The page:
Clint Frazier is the Yankees master at waiting his turnOctober 6, 2020
At the moment of contact, you could hear almost all of Clint Frazier’s loyal constituency leap to their feet and lend their voices to the night. These are the moments they crow about most loudly, most passionately: the bat speed, the absurd ability to turn on fastballs, even one at eye-level, as this one was.
One second, Tampa ace Blake Snell figured he was simply firing something for Frazier to think about. The next he was watching a baseball soar like a rocket into the second deck at Petco Park, 418 feet away.
Frazier would not be the lone Yankee to rise to the moment, to help deliver a 9-3 victory over the Rays in Game 1 of this best-of-five American League Division Series. Aaron Judge and Kyle Higashioka also hit blasts that helped turn a 3-2 deficit into a 4-3 lead in the fifth, and there was Giancarlo Stanton’s cherry-on-top home run in the ninth.
Gerrit Cole, shaky at times, was still a Game 1 horse, now 2-for-2 in these assignments. The Yankees bullpen? In what could be an intriguing and awfully busy week, two-thirds of the three-headed monster of Chad Green, Zack Britton and Aroldis Chapman foiled the Rays across the last three innings, finishing the job that Cole started, Chapman’s services deemed unnecessary once Stanton went deep.
But Frazier was the name on the tip everyone’s tongue as this series began, because he received but one at-bat in the two-game wild-card series with the Indians (he struck out in Game 2), because he is every bit as intriguing a talent as the Yankees have, capable of doing things that make you blink when you see them to make sure that you saw them.
He has waited for his turn, done so without much complaint, let the voices of his backers on Twitter and elsewhere do much of the campaigning for him. Those surrogates are at their loudest when Aaron Boone writes Brett Gardner’s name in the lineup in lieu of Frazier’s.
It is not meant to disrespect the eldest Yankee statesman, not really, but merely meant to reflect an enthusiasm for Frazier, who even this early in his career as a player is the kind of player it’s awfully hard to take your eyes off of: the red hair, the No. 77 on his back, the way he can swing a baseball bat so fast it disappears in a blur when he swings.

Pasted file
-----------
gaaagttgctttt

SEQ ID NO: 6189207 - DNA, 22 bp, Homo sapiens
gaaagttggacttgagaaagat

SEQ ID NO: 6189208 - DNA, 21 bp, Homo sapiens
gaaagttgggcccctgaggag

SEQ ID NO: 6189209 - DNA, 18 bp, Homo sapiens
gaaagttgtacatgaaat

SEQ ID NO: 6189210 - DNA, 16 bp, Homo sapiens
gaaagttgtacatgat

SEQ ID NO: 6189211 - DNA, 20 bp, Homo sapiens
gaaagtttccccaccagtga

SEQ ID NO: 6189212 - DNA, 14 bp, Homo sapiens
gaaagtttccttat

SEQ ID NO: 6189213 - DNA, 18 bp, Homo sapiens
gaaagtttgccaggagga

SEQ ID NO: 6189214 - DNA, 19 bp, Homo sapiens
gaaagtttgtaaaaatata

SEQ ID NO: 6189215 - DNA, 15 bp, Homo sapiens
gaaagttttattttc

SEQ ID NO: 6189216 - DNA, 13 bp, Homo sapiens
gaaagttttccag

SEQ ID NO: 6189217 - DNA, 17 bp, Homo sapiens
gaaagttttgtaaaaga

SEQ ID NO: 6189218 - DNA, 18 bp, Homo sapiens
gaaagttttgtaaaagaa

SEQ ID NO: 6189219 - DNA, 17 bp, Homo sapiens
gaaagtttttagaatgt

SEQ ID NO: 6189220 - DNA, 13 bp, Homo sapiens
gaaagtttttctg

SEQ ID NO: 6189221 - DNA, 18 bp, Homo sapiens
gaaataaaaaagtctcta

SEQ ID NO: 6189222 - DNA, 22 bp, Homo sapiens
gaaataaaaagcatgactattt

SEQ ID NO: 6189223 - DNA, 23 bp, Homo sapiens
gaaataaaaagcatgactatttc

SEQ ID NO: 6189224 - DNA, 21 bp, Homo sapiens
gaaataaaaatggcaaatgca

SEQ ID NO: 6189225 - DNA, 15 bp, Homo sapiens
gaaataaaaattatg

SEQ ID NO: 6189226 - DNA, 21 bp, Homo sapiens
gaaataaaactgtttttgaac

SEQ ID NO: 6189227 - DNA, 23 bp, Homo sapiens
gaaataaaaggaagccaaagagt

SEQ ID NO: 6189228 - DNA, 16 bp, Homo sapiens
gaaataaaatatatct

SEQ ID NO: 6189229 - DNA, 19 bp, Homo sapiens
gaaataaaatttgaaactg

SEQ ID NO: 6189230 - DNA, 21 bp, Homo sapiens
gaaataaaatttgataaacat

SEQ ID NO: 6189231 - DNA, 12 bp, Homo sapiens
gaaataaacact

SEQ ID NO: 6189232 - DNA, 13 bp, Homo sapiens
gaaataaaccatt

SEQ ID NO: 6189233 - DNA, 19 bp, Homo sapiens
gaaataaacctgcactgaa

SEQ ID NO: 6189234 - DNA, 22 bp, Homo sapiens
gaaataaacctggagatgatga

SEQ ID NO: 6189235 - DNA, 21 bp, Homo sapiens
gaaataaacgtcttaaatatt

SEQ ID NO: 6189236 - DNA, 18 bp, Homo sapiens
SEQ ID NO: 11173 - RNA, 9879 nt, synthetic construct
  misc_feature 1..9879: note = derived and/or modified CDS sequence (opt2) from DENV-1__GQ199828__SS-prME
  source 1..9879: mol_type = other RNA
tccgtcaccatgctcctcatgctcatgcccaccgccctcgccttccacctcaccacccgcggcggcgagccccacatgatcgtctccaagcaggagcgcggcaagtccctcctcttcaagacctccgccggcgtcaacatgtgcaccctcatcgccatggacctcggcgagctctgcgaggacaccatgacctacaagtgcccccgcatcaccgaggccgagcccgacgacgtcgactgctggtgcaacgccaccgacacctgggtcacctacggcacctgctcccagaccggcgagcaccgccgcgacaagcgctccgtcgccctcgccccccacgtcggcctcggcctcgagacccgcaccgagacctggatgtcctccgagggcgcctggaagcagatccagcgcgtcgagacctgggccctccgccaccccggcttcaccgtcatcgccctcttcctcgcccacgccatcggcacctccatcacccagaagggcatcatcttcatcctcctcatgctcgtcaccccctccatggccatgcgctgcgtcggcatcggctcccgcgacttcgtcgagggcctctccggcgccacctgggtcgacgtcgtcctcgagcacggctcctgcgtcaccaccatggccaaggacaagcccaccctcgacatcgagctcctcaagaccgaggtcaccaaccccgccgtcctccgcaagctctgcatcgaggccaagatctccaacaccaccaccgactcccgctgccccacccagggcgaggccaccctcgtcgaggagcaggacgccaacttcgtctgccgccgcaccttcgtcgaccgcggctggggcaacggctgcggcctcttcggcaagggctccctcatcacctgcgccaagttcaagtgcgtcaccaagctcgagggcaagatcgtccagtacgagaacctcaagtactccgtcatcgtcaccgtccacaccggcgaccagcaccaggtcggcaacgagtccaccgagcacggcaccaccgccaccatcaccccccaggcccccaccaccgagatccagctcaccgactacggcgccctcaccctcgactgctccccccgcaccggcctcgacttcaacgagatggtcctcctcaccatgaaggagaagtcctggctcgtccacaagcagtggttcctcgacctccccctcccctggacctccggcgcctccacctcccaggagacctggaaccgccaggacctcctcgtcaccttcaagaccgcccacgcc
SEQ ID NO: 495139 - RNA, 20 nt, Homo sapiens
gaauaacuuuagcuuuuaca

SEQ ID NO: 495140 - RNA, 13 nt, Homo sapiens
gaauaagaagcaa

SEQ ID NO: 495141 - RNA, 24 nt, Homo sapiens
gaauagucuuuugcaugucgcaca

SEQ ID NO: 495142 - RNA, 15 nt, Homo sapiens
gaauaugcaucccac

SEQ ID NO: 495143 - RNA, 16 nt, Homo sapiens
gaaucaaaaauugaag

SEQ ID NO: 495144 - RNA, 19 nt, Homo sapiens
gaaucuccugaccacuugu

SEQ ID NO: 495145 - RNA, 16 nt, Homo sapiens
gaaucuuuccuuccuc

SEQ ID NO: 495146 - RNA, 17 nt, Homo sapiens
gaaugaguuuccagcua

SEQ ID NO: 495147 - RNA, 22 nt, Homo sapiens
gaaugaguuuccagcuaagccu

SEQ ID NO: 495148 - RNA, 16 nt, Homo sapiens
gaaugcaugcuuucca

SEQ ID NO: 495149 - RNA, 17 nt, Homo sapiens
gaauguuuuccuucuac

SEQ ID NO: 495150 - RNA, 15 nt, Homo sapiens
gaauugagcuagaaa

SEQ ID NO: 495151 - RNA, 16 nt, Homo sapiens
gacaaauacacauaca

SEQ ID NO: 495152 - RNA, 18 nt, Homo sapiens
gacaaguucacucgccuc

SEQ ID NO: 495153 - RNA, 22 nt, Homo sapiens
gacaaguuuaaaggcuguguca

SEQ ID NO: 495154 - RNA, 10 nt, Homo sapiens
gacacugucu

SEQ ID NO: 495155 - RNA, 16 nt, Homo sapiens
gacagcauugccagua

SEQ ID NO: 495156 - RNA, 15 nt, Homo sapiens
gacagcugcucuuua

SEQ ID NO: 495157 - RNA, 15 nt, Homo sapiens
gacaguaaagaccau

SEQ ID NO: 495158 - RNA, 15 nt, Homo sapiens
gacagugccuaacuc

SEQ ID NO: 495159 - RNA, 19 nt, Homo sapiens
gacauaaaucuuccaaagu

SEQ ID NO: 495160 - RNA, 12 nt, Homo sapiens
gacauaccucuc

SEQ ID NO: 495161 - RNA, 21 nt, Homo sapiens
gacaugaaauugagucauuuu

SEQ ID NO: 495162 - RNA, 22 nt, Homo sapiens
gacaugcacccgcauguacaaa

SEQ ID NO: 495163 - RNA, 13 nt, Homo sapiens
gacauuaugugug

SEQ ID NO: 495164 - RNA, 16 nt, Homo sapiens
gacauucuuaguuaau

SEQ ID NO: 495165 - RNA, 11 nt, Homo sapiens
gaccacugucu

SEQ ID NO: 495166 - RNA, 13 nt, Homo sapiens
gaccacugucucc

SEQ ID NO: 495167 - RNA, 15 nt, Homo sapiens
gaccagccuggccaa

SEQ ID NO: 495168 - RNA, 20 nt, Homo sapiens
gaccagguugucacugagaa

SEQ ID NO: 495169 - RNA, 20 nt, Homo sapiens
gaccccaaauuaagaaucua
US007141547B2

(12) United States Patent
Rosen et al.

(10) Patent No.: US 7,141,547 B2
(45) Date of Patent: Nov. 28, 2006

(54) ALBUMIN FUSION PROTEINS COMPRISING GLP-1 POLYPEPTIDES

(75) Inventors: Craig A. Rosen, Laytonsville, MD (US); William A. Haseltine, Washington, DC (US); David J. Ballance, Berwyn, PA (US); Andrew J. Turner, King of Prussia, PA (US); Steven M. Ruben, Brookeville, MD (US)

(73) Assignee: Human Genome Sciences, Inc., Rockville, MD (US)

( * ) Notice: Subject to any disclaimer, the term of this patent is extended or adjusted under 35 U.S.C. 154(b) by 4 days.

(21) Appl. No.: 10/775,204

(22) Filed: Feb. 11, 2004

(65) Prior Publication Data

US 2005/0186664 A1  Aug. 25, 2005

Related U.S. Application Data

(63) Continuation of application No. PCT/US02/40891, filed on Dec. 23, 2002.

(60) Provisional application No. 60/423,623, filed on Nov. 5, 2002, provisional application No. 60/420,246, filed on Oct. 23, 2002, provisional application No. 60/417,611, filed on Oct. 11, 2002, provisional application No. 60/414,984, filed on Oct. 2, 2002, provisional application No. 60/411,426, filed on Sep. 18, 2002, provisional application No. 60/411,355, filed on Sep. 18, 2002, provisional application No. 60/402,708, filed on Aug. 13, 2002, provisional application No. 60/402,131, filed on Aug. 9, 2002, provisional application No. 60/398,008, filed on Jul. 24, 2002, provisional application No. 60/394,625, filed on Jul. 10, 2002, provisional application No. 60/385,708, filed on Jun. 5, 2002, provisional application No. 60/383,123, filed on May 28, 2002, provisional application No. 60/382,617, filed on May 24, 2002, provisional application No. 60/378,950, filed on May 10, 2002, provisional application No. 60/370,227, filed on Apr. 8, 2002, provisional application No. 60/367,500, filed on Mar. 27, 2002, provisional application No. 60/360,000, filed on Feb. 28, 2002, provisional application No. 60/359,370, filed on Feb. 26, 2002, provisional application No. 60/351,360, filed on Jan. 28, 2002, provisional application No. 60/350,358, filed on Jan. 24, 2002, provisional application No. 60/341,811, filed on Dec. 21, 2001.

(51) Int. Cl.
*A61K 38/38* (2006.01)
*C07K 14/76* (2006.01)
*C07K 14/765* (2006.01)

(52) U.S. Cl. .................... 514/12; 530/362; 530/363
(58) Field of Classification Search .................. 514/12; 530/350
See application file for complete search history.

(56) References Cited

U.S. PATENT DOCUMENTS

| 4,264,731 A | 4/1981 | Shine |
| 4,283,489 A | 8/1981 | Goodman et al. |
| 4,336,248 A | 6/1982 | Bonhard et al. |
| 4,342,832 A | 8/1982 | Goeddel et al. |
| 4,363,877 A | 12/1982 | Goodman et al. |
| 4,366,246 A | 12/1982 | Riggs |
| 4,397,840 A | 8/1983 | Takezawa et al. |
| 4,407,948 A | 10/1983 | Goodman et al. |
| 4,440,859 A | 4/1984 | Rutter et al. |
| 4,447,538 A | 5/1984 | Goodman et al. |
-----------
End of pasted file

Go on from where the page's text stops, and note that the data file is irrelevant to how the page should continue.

“He’s a big reason why we’re here,” Aaron Boone had said before the game, explaining what should have been an obvious choice to pick Frazier over Gardner to face the lefty-throwing Snell. “He earned his way into the lineup tonight.”
He was very good this year: eight homers, 26 RBIs, a .905 OPS in only 39 games and 131 at-bats. He spent some time at the alternate site. He said nothing. When Stanton got healthy Frazier’s playing time diminished, as it almost always does. He said nothing.
There may come a time, may come a season, when that won’t be his M.O. any longer, when he will finally grow tired of playing the faithful soldier, when the reality that he would find plenty of at-bats for almost all of the other 29 teams in the sport will officially grow old.
For now, there is this, from Frazier, from a few weeks ago:
“What I want is to be an important part of this team,” Frazier said. “It means something to me to be able to do it with the Yankees. That might not always be my decision to make and I accept that. But I want to be able to do it here. I want to succeed here. I want to win here.”
The Rays go with a hard-throwing right-hander Tuesday night, Tyler Glasnow, and that almost certainly means that Frazier will report to the ballpark in the afternoon and see Gardner’s name in the lineup, hitting eighth, and he’ll see his own name in the pile of reserves.
That will set off a few of his most ardent social media defenders. It won’t set him off. He’ll wait his turn. If there’s one thing besides hitting baseballs that Clint Frazier has learned in his time in New York it is how to wait his turn.
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